On 11 July 2001 Carlton and Granada rebranded ONdigital as ITV Digital. They also purchased the TV rights to the Football League and launched the ITV Sport Channel. A re-branding campaign was launched to support the new naming, with customers even being sent ITV Digital stickers to place over the existing ONdigital logos on their remote controls and set top boxes. The software running on the receivers was not changed though, and always displayed 'ON' on nearly every screen. A plan to change the onscreen software was planned along with a change to a stronger encryption system in Autumn 2002, however this never arose due to liquidation. The rebrand was not without controversy as SMG plc (owner of Scottish Television and Grampian Television), UTV and Channel Television all pointed out that the ITV brand did not belong solely to Carlton and Granada. SMG and UTV initially refused to carry the advertising campaign for ITV Digital and did not allow the ITV Sport Channel space on their multiplex, meaning that it was not available at launch in most of Scotland and Northern Ireland. The case was resolved in Scotland, and the Channel Islands and later still in Northern Ireland, allowing the ITV Sport Channel to launch in the non-Carlton and Granada regions (although it was never made available in the Channel Islands, as the islands did not have DTT or cable and it never appeared on Sky Digital).
ITV Digital also ran an advertising campaign involving the comedian Johnny Vegas as Al and a knitted monkey simply called Monkey, voiced by Ben Miller. A knitted replica of Monkey could be obtained by signing up to ITV Digital. Because the monkey could not be obtained without signing up to the service, a popular market for second-hand monkeys developed. At one time, original ITV Digital Monkeys were fetching several hundred pounds on eBay, and even knitting patterns delivered by email were sold for several pounds. The campaign was created by the advertising agency Mother. In early 2007, Monkey and Al reappeared in an advert for PG Tips tea, which included a reference to ITV Digital's downfall.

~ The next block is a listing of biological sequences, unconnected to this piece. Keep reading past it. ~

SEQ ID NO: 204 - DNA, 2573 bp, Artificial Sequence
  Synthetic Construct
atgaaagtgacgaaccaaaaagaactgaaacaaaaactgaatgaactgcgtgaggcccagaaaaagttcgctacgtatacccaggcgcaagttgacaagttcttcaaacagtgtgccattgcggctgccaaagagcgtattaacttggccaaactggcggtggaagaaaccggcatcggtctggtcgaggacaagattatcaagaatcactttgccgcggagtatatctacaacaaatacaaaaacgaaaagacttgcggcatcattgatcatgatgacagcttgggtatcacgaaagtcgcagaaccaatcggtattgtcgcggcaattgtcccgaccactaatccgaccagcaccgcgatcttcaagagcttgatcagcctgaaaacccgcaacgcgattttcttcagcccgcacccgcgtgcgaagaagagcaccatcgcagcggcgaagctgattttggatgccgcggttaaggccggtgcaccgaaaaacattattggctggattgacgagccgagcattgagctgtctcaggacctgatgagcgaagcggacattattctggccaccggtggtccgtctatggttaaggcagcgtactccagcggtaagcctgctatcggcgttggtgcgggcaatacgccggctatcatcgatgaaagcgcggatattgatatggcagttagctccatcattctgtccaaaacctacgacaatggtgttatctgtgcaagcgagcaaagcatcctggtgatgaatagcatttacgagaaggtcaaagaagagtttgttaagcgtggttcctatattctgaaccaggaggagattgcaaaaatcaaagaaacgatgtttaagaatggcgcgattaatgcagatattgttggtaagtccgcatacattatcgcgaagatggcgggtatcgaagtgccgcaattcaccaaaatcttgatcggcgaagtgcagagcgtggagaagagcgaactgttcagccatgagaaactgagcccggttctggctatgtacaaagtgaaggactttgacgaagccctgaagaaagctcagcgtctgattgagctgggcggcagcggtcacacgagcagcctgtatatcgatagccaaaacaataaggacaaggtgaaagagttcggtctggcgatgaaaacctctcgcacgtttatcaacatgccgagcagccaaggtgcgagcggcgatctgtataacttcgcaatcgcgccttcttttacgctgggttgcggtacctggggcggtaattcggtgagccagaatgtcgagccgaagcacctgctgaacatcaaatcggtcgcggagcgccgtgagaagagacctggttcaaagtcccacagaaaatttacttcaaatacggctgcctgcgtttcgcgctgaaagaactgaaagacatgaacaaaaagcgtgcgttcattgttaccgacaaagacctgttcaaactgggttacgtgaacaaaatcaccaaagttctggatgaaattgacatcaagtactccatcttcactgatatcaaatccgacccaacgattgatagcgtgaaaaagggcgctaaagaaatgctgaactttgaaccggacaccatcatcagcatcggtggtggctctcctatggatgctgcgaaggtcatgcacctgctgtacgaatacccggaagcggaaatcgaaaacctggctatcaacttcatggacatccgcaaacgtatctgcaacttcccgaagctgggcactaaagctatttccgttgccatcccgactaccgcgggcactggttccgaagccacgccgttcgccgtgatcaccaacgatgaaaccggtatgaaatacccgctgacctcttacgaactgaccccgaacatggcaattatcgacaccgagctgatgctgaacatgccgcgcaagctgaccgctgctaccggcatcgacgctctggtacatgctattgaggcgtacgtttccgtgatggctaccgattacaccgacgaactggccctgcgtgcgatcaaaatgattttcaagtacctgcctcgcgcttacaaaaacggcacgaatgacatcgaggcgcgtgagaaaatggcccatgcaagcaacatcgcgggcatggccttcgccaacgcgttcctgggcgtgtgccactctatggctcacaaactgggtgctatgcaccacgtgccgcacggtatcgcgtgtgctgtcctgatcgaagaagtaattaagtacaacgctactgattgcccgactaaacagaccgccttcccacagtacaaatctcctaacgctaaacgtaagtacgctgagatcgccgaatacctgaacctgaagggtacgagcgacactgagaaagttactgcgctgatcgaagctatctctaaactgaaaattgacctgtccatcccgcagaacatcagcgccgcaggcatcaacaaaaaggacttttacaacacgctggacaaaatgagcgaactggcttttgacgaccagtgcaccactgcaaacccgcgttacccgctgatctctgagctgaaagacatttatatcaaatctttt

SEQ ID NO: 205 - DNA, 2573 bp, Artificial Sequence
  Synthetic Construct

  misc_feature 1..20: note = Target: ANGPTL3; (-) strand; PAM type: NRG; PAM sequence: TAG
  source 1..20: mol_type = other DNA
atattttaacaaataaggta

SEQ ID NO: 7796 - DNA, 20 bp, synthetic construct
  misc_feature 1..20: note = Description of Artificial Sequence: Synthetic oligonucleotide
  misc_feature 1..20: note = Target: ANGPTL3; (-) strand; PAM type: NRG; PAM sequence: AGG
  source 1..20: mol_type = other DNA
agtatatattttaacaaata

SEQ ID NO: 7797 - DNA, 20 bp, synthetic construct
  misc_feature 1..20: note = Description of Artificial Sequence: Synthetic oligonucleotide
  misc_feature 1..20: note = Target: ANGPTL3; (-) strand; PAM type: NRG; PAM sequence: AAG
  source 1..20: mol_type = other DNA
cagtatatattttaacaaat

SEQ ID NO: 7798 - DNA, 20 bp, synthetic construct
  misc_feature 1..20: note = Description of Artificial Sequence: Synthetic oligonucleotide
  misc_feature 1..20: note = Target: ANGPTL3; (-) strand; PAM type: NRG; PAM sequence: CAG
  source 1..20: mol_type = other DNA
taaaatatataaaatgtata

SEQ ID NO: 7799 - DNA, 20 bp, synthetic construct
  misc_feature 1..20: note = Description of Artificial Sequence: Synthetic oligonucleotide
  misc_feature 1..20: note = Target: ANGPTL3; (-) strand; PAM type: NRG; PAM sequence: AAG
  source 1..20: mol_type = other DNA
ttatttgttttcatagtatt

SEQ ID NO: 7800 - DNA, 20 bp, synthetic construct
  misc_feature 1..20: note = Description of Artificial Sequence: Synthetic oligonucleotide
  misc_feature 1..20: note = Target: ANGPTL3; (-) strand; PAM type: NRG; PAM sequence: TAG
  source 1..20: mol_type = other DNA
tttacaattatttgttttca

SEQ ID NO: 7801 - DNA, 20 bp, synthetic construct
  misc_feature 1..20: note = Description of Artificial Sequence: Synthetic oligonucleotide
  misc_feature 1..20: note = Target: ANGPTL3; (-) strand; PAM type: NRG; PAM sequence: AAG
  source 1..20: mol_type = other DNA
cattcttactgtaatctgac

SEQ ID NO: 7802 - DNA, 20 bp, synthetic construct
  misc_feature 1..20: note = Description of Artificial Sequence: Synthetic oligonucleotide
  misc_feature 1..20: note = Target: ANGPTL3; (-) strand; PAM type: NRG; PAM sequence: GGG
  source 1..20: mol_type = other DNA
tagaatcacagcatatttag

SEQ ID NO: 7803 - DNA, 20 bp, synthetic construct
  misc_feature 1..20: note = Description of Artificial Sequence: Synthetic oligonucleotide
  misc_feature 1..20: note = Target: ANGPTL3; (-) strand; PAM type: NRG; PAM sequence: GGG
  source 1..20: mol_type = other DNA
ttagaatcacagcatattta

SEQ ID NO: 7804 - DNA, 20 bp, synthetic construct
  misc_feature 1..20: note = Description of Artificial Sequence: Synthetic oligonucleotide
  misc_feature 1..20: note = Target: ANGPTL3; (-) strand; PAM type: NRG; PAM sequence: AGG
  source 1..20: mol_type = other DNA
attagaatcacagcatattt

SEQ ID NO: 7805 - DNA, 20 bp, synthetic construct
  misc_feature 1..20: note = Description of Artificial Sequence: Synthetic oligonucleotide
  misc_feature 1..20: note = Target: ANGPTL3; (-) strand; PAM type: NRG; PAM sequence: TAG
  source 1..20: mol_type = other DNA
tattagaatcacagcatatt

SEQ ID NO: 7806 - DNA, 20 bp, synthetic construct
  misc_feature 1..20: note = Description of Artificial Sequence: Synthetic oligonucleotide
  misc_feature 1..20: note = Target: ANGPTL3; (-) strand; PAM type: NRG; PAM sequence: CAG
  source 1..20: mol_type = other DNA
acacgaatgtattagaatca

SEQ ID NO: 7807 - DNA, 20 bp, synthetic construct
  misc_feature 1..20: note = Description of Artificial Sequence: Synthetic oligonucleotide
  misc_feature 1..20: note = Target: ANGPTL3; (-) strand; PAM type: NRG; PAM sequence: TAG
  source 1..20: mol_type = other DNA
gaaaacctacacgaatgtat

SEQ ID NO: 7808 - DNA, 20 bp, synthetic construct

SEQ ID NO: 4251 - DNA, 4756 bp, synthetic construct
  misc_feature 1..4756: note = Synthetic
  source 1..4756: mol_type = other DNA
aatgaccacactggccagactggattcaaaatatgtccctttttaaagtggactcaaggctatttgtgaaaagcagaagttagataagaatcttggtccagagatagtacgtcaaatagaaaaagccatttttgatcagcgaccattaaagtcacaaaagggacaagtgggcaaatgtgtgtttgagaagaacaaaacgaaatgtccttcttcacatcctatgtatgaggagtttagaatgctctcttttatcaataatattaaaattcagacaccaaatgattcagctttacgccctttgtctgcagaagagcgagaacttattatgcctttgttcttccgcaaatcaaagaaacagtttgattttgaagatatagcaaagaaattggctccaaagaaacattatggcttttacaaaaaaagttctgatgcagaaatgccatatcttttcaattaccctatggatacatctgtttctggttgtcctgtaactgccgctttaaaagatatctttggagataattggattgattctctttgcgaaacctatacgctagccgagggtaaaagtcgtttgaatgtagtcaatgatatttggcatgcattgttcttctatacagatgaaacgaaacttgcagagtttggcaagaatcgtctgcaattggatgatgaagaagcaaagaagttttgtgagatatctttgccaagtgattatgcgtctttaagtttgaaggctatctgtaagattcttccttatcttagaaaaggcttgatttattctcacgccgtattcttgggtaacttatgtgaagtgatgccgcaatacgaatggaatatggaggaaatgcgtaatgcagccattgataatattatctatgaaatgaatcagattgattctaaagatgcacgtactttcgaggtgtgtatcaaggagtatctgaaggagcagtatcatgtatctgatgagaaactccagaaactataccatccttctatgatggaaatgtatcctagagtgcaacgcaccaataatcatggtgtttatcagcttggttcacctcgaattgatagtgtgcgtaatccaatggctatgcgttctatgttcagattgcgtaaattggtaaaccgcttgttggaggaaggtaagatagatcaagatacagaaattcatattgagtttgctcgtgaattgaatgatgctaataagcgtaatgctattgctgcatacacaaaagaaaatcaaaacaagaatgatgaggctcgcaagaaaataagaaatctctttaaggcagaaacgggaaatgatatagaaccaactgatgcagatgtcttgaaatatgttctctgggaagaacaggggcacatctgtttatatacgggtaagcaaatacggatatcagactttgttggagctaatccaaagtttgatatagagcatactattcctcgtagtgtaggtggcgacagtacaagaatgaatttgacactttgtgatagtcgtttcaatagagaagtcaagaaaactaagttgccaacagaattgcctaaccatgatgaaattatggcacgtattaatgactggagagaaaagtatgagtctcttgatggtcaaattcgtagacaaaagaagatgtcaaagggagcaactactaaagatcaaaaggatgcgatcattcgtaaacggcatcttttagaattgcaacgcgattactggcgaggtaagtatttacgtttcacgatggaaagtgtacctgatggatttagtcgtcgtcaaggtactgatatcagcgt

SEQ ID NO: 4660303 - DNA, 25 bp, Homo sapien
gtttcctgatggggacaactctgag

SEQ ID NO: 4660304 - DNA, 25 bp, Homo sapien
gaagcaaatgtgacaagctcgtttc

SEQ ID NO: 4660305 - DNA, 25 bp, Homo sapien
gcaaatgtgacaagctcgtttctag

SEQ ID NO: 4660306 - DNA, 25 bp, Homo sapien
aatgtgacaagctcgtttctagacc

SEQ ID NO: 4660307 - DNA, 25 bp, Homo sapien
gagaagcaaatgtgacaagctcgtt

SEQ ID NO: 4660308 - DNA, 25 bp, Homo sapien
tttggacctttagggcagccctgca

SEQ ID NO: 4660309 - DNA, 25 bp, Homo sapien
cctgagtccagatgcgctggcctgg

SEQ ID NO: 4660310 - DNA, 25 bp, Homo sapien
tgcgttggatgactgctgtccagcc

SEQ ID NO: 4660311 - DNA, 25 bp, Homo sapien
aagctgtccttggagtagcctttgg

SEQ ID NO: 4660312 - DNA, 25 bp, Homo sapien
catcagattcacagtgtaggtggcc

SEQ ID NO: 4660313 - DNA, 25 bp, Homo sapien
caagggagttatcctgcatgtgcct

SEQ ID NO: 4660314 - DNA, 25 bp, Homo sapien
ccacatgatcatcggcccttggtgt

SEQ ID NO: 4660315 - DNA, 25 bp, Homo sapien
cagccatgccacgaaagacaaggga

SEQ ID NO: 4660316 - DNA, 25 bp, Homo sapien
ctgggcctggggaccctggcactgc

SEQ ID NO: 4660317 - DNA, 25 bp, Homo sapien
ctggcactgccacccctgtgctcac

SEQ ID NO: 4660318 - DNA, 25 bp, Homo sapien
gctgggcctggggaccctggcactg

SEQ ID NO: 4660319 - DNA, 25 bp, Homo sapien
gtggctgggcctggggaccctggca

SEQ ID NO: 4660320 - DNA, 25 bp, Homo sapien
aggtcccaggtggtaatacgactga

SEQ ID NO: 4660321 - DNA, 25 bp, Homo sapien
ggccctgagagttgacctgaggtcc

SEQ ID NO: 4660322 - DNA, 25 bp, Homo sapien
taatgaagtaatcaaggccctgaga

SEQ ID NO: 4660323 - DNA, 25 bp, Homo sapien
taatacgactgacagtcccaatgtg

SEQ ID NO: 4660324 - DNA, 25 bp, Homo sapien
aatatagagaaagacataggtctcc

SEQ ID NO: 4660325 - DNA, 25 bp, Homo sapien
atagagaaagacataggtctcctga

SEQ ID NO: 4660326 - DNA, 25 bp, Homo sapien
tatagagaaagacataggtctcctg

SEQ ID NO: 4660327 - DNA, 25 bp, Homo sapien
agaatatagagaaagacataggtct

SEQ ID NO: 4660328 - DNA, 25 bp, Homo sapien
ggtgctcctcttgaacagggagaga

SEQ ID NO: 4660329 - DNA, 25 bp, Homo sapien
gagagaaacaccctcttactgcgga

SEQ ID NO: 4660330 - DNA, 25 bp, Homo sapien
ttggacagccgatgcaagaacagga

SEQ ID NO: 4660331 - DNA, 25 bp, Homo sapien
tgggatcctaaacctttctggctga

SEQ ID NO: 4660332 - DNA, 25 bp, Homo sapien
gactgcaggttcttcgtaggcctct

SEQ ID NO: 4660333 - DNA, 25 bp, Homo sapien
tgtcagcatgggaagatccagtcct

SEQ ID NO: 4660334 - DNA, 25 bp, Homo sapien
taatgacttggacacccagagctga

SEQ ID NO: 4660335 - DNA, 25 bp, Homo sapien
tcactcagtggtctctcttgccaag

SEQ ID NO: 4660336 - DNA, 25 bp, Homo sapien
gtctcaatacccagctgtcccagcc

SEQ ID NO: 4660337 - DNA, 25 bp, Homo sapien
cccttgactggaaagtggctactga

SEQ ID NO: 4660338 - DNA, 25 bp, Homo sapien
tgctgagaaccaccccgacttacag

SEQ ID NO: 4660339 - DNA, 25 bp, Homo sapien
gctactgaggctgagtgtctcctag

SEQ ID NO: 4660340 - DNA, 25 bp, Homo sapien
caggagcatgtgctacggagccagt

Administration and Freeview
ITV Digital was placed into administration on 27 March 2002, after the Football League refused to accept a £130m pay cut in its £315m deal with the ITV Sport Channel. Most subscription channels ceased broadcasting on ITV Digital on 1 May 2002. The collapse on 30 June 2002 caused financial difficulties for lower-division football clubs who had budgeted for large incomes from the television contract. The Football League sued ITV Digital's parent companies, Carlton and Granada, claiming that the firms had breached their contract in failing to deliver the guaranteed income. And so, by the end of June 2002, the service ceased. The League lost the case, with the judge ruling that it had "failed to extract sufficient written guarantees". The League then filed a negligence claim against its lawyers for failing to press for a written guarantee at the time of the deal with ITV Digital. This time it was awarded a paltry £4 in damages of the £150m it was seeking.